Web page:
10. A capacitive acceleration sensor according to claim 9 wherein said layer between the two semiconductor elements is a thermally grown oxide.
11. A capacitive acceleration sensor according to claim 9 wherein said layer between the two semiconductor elements is silicon nitride (Si3 N4).
12. A capacitive acceleration sensor according to claim 1 wherein the semiconductor elements feature n-doping between 1017 cm-3 and 1019 cm-3.
Description
BACKGROUND OF THE INVENTION

This invention concerns a capacitive acceleration sensor, in particular for use in motor vehicles, complete with planar build-up and a movable self-supporting structure, located inside a hollow space, for changing capacity,

wherein the acceleration sensor comprises two semiconductor elements,

wherein at least one of these two semiconductor elements features at least one cavity of a first type,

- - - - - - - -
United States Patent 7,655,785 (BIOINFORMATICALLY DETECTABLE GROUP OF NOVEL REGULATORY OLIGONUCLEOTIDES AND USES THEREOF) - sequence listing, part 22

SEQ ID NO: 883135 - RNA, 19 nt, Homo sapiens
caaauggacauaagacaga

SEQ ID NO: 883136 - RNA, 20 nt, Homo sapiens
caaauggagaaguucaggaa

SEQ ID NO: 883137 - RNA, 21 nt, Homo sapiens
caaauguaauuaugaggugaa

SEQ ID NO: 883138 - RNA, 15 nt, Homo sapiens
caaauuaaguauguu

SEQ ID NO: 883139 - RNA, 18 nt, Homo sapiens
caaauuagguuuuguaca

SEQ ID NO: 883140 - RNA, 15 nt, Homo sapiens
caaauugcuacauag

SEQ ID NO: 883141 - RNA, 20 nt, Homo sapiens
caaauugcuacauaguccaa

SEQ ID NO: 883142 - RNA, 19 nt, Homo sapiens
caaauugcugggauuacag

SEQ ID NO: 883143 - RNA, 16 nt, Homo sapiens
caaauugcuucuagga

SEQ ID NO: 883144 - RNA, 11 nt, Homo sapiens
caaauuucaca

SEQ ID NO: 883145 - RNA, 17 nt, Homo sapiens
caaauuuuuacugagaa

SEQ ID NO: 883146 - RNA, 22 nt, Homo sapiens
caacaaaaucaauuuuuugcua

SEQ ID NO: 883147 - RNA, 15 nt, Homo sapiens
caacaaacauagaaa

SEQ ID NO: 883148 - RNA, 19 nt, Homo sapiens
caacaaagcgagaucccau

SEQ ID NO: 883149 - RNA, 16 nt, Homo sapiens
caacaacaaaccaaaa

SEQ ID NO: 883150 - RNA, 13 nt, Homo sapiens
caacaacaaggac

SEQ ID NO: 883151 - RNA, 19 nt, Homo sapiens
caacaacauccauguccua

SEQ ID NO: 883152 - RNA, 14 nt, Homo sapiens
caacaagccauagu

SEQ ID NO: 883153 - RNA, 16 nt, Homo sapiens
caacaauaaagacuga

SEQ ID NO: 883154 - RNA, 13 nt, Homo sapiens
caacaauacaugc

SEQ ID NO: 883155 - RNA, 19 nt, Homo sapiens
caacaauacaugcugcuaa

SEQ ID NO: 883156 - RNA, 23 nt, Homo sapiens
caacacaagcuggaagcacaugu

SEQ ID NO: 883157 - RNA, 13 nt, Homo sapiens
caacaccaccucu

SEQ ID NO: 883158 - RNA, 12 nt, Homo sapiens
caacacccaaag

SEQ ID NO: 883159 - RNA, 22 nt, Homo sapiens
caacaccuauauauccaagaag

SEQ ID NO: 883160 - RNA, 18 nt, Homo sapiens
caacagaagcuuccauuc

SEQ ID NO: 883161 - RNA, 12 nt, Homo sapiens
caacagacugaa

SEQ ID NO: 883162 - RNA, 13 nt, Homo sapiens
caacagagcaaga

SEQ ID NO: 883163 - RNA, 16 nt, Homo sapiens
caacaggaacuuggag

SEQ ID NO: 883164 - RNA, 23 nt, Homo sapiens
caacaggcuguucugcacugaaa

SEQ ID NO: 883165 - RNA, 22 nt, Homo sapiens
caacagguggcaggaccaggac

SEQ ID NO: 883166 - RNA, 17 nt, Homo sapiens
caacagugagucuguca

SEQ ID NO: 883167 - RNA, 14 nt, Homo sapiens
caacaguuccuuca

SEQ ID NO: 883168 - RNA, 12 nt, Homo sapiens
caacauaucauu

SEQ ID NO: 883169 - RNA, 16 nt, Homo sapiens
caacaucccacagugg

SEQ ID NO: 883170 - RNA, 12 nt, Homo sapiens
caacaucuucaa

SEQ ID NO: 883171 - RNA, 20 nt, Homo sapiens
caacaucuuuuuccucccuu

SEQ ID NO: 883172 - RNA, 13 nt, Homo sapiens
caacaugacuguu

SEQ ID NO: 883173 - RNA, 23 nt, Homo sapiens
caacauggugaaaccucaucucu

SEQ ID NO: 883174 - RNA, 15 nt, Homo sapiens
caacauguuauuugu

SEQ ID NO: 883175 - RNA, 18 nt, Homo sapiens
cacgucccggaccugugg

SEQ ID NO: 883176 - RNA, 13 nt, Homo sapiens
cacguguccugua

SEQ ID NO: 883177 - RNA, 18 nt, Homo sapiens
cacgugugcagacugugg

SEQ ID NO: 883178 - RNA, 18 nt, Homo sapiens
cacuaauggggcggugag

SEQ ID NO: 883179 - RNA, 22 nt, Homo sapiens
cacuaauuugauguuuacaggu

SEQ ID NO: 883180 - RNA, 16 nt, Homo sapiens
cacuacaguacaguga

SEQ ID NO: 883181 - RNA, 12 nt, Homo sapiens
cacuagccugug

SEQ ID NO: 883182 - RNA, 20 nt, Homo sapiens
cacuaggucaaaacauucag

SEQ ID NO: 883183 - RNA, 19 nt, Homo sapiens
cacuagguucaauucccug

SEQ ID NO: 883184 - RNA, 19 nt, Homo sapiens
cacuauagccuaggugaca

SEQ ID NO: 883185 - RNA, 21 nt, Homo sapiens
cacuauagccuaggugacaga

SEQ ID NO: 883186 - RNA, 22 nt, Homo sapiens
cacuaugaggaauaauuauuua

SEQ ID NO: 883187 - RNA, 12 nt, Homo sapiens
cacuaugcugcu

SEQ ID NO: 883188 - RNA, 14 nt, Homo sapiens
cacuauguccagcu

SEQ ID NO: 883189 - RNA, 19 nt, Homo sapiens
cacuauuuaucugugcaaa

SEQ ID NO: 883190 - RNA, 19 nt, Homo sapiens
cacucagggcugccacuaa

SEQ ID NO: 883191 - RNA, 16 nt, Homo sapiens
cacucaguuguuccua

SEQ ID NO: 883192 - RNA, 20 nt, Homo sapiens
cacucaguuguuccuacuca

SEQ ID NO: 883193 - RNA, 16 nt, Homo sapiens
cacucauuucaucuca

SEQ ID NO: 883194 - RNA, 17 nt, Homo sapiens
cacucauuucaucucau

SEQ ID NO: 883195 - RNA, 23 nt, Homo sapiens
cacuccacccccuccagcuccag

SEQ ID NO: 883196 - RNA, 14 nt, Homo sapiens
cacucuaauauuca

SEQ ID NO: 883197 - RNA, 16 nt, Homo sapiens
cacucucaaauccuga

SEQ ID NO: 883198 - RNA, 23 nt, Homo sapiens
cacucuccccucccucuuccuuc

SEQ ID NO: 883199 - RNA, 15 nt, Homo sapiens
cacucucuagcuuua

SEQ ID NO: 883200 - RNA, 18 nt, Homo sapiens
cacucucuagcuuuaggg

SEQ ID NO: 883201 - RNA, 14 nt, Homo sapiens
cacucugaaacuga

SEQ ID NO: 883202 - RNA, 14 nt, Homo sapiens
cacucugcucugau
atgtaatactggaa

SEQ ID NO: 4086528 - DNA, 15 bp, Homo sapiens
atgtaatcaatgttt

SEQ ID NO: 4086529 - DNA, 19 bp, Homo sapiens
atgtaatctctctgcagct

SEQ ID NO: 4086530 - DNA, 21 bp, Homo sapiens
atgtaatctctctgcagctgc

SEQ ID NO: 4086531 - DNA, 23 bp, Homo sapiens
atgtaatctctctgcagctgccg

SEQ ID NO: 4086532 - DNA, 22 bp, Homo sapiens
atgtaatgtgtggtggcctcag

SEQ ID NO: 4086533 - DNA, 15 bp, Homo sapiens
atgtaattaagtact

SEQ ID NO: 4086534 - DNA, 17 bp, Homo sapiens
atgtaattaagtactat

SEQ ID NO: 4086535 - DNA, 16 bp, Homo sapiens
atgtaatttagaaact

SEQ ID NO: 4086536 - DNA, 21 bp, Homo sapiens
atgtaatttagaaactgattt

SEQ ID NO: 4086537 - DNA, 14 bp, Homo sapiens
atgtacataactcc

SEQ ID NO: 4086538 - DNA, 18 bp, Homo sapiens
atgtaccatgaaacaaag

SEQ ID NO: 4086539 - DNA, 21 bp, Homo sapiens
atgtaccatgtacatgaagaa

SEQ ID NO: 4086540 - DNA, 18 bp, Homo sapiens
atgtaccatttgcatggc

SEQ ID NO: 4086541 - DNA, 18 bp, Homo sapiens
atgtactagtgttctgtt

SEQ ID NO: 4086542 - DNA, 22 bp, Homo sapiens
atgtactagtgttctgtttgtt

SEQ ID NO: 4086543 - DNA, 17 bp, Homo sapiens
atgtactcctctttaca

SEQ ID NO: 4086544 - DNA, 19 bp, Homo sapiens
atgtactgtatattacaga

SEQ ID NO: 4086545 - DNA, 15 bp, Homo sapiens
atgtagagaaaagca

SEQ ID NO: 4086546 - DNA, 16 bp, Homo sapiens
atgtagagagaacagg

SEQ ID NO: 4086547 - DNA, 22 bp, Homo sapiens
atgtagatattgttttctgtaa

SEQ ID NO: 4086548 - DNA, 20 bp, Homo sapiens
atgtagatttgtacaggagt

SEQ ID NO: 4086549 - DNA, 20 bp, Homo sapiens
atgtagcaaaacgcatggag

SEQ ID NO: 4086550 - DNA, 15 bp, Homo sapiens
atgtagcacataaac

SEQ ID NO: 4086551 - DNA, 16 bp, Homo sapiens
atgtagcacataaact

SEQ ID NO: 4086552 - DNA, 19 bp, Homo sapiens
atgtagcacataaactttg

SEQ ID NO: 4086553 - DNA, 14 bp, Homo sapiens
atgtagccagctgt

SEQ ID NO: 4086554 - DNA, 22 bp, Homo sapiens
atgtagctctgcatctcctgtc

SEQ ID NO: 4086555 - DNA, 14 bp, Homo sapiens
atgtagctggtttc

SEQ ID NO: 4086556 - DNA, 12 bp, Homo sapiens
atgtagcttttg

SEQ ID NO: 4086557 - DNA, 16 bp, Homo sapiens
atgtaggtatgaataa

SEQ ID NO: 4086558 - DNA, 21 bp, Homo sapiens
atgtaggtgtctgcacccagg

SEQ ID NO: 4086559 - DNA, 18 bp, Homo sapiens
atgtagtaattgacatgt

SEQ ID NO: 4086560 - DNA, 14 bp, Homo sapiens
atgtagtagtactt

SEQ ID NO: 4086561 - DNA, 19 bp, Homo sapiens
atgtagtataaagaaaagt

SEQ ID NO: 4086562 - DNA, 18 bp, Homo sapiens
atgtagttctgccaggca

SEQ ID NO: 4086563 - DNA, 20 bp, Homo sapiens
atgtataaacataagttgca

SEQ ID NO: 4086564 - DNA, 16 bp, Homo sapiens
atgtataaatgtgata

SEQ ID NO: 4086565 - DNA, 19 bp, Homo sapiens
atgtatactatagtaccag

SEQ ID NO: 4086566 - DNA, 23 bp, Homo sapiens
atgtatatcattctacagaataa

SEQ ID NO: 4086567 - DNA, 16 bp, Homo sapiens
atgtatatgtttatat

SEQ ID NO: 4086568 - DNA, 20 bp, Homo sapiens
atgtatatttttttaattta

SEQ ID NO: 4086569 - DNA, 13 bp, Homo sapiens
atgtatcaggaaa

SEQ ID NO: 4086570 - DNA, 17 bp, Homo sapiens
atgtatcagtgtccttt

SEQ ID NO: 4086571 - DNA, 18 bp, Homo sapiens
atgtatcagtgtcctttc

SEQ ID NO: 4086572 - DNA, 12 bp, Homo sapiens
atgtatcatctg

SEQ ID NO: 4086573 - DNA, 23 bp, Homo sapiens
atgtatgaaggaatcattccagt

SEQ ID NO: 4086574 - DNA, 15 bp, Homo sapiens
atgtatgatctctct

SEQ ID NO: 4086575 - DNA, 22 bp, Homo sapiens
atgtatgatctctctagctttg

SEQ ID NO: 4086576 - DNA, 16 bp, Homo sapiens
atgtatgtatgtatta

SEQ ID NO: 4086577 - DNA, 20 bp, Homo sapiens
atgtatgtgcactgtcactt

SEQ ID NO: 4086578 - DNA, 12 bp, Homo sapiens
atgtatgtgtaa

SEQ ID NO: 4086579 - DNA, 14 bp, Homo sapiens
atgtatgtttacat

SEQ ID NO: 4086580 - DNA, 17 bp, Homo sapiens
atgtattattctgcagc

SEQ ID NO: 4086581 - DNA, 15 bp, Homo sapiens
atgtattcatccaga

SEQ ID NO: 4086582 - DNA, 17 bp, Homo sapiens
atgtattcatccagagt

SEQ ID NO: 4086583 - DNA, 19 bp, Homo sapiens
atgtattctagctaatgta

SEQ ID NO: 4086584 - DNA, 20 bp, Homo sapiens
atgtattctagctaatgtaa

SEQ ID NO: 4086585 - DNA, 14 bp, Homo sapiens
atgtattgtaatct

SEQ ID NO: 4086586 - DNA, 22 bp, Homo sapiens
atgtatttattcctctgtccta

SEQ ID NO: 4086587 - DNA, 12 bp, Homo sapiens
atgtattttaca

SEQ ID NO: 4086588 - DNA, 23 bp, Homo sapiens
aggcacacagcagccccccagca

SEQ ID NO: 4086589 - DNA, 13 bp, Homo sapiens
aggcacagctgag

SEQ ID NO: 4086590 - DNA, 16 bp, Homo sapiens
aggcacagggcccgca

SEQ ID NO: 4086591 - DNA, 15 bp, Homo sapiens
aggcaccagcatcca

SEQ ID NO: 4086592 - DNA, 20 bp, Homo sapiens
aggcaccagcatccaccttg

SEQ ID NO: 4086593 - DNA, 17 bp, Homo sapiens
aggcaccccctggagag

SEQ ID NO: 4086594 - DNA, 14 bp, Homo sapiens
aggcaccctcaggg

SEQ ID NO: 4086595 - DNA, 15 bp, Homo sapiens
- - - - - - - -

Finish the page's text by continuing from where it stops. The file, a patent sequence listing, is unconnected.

wherein at least one of these two semiconductor elements features at least one cavity of a second type, within which a self-supporting structure will be located and bonded to the semiconductor element such that this self-supporting structure will be freely movable in a vertical direction relative to the surface of the two semiconductor elements,

and wherein both semiconductor elements are bonded with their surfaces and located such that a cavity of the first type from the one semiconductor element and a cavity of the second type from the other semiconductor element together form a hollow space.

Capacitive acceleration sensors are used, for example, in a motor vehicle for its suspension control or as impact sensors for triggering protection devices such as airbags.